Short Bowel Syndrome


Short bowel syndrome is a complication that can occur in people who have a large part or all of their small intestine removed.

The Small Intestines

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Causes    TOP

Short bowel syndrome occurs when half or more of the small intestine is removed. It reduces the absorption of vitamins and minerals from food.

Risk Factors    TOP

Factors that may increase your chance of short bowel syndrome include:

Symptoms    TOP

Symptoms of short bowel syndrome may include:

Diagnosis    TOP

Your doctor will ask about your symptoms and medical history. A physical exam will be done. Blood tests may also be performed to check for nutritional and absorption problems.

Treatment    TOP

Talk with your doctor about the best treatment plan for you. Treatment options include:


If you are malnourished, your doctor may give you food, fluid, and electrolytes through an IV. You will be advised to gradually increase your caloric intake and avoid certain foods. Initially, your diet will be high-protein, low-fat, and lactose-free.


In addition to changing your diet, you may need to take vitamin and mineral supplements. Antidiarrheal medications and medications that slow the contraction and relaxation of the intestinal muscles can also slow your digestion so you can absorb more nutrients. Depending on your symptoms, your doctor may prescribe an H2 antagonist, a proton pump inhibitor, cholestyramine, and/or octreotide.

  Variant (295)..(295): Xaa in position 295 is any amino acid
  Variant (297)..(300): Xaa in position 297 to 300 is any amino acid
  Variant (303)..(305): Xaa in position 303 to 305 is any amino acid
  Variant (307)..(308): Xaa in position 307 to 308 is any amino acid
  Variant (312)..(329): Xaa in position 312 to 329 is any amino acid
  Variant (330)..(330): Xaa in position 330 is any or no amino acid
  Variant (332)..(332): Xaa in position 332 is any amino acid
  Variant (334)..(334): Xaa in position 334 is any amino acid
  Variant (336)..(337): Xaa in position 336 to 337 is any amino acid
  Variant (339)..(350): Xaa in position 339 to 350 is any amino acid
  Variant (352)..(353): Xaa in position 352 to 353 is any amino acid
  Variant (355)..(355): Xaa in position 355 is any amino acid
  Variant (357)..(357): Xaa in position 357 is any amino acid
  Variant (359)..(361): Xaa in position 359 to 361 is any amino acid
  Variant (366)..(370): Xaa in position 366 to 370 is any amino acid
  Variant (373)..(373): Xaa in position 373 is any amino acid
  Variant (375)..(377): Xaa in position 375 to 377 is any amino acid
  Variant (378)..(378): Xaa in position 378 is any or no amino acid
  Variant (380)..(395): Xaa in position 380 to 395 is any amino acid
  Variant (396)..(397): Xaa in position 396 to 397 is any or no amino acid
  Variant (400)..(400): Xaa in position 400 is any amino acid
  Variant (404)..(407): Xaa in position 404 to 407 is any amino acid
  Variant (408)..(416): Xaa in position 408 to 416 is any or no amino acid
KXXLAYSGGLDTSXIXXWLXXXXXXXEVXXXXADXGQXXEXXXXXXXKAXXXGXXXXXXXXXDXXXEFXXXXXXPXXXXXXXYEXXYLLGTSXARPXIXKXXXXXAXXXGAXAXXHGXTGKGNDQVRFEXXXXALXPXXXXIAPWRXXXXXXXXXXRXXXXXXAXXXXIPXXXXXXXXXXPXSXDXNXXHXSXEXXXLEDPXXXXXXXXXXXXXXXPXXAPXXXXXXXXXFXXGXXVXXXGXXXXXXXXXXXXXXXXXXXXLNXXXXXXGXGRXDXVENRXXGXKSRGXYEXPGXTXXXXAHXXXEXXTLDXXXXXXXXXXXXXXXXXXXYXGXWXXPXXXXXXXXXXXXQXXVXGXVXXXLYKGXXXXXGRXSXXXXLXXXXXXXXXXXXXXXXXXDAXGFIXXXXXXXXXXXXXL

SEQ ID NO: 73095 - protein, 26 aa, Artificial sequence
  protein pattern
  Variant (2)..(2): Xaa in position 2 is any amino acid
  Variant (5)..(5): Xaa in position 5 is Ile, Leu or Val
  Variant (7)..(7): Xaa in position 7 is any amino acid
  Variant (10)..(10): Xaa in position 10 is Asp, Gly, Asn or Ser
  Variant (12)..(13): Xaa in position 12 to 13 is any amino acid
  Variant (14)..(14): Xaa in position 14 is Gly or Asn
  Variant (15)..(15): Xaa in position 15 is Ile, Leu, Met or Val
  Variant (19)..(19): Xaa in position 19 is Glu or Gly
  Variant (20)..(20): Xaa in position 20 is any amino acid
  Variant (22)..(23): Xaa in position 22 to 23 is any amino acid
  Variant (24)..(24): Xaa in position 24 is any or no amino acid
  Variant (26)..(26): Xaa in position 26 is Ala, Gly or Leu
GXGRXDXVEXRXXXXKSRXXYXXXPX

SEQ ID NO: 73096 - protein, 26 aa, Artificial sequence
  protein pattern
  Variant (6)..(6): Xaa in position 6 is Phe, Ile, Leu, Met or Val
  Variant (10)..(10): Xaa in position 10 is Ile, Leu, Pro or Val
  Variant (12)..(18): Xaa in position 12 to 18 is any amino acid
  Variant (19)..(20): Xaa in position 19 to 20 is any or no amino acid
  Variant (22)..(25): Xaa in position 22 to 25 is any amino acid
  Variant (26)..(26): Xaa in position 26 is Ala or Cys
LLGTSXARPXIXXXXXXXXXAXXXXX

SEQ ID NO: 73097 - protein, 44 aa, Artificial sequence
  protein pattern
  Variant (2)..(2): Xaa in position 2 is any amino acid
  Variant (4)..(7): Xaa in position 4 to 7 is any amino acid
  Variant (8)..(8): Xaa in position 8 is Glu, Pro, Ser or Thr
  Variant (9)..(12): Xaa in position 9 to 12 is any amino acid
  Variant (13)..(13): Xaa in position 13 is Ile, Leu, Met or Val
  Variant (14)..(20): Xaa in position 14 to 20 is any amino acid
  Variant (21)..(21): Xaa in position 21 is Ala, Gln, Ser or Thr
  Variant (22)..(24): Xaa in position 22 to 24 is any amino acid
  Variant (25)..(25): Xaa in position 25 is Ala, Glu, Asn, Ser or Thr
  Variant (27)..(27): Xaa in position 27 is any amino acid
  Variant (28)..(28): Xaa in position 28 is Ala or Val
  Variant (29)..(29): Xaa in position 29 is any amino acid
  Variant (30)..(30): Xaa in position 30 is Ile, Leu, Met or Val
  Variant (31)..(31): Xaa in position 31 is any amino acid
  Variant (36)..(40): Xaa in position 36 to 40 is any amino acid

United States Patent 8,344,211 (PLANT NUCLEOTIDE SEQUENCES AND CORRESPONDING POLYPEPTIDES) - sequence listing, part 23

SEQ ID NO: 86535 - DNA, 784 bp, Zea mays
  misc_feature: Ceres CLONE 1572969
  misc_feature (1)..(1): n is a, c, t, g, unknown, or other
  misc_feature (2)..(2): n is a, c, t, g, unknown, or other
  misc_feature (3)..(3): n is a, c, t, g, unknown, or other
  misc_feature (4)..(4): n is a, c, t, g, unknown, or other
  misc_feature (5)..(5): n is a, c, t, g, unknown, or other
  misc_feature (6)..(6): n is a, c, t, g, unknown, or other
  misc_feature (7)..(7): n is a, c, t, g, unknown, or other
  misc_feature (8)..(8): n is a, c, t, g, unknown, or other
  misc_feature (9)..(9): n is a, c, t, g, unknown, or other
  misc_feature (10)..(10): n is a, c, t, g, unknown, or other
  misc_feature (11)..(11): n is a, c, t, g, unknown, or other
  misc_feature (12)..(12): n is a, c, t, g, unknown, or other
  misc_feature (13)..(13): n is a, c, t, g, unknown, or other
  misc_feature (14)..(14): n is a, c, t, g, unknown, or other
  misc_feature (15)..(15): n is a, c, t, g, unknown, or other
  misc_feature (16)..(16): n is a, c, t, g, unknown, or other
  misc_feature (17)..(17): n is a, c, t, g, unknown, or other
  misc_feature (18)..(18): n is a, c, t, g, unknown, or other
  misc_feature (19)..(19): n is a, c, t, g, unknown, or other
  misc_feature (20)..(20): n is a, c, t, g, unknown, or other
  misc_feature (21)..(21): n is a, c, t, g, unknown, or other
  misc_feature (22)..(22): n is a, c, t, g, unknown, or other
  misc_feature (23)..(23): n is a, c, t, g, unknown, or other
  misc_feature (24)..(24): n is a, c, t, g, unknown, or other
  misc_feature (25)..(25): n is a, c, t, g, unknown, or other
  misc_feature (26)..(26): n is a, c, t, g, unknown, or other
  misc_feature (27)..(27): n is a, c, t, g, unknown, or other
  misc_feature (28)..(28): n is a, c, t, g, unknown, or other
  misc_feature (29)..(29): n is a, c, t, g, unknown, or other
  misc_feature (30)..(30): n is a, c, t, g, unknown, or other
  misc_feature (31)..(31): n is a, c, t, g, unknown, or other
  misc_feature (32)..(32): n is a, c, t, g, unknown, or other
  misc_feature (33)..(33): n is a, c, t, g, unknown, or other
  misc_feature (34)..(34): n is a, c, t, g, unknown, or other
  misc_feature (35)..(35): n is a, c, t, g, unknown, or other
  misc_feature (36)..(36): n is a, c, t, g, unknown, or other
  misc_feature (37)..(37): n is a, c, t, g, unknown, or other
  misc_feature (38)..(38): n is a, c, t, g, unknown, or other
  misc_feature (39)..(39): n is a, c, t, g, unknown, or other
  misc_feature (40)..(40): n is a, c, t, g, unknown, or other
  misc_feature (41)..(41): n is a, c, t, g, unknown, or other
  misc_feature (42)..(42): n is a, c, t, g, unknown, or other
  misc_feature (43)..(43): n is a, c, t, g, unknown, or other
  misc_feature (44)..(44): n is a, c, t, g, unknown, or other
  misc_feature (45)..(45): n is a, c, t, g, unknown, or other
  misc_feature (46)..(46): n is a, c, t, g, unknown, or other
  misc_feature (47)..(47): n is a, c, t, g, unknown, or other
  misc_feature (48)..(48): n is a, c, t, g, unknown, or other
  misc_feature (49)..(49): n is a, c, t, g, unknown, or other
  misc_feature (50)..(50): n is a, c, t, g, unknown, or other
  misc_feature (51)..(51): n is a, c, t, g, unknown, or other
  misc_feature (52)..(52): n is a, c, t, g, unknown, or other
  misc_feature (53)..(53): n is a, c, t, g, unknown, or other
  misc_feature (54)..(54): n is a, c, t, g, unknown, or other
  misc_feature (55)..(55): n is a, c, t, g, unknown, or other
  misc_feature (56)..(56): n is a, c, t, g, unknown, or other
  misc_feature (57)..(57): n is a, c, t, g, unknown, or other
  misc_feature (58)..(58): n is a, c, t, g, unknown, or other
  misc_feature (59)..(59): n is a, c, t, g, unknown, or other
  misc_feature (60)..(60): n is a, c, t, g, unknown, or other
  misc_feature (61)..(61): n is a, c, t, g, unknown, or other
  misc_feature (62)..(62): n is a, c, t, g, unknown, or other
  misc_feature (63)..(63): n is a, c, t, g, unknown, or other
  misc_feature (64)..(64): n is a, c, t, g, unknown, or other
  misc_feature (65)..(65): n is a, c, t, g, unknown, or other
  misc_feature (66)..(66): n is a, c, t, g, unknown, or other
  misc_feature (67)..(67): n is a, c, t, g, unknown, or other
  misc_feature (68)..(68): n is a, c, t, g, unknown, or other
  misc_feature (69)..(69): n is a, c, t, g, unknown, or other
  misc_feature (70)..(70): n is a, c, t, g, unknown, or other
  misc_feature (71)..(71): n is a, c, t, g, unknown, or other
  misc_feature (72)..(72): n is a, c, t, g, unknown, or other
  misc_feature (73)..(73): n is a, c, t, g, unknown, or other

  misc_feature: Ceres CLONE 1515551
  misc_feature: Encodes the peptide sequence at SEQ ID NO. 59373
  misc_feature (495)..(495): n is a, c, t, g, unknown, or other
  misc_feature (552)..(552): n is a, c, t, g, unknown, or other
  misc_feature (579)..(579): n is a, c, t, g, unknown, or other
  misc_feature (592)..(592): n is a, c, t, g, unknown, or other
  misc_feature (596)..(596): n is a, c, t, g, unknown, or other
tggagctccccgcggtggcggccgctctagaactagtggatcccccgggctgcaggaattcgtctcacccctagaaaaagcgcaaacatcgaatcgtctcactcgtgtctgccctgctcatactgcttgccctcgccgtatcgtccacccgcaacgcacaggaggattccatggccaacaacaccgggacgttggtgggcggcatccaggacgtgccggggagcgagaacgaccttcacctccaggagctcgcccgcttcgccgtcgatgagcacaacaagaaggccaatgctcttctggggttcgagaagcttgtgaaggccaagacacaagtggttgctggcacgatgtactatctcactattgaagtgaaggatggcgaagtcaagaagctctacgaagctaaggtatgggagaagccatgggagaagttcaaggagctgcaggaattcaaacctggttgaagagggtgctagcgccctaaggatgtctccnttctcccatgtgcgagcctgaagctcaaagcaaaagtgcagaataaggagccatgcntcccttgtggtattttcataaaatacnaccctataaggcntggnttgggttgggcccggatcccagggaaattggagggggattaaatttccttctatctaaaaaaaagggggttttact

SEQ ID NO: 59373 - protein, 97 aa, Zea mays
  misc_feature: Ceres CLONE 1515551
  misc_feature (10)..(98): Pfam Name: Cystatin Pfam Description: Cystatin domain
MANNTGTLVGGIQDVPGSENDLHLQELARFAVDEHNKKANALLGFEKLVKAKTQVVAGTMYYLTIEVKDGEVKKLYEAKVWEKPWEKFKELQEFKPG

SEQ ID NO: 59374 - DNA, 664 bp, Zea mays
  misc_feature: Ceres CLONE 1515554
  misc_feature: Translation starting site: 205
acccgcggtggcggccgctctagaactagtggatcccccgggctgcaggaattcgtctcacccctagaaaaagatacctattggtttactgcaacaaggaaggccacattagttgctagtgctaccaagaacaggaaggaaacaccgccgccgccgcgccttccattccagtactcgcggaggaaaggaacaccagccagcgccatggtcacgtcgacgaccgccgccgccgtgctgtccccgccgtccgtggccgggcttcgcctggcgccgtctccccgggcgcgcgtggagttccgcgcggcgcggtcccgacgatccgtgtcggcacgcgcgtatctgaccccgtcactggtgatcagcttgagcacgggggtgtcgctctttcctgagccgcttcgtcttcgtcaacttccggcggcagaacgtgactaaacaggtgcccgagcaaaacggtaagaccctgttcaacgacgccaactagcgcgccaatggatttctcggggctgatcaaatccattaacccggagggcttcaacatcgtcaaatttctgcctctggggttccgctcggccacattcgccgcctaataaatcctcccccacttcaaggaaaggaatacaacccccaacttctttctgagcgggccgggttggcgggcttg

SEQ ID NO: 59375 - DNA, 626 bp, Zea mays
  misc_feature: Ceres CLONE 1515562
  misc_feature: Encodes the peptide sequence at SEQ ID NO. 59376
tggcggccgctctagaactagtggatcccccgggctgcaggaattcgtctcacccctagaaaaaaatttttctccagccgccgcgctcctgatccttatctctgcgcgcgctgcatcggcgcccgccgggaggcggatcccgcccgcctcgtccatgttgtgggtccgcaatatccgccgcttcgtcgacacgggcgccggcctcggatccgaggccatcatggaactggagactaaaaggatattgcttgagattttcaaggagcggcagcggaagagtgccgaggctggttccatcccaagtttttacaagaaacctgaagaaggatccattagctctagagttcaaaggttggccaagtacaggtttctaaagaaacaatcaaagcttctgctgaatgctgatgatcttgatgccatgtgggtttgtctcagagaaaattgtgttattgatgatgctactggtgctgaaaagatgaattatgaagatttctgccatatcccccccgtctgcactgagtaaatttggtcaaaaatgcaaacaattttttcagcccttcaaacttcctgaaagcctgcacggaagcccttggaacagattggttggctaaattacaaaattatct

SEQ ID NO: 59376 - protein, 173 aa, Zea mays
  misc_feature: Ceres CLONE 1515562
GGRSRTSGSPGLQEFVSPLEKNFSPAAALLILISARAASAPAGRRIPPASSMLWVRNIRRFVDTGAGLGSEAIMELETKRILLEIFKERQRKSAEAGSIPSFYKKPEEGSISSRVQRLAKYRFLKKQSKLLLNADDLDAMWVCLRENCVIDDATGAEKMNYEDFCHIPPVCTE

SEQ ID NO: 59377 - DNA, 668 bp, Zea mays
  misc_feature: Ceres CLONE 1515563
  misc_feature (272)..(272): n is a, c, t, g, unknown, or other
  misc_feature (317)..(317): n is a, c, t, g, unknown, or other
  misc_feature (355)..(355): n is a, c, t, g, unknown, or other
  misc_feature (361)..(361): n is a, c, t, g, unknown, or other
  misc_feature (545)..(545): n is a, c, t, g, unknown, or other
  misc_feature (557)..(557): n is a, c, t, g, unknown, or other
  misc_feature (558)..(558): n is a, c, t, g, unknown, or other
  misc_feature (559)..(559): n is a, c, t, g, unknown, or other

Surgery    TOP

Transplantation of small bowel is an option for those who cannot maintain their nutritional status with other treatments.

Prevention    TOP

There are no current guidelines to prevent short bowel syndrome.


Gastro—American Gastroenterological Association
National Digestive Diseases Information Clearinghouse


Canadian Association of Gastroenterology
Canadian Digestive Health Foundation


Short bowel syndrome. EBSCO DynaMed website. Available at:
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Updated April 24, 2013. Accessed May 23, 2013.
Short bowel syndrome. National Institute of Diabetes and Digestive and Kidney Diseases website. Available at:
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Updated April 30, 2012. Accessed May 23, 2013.
Last reviewed January 2015 by Daus Mahnke, MD
Last Updated: 5/7/2014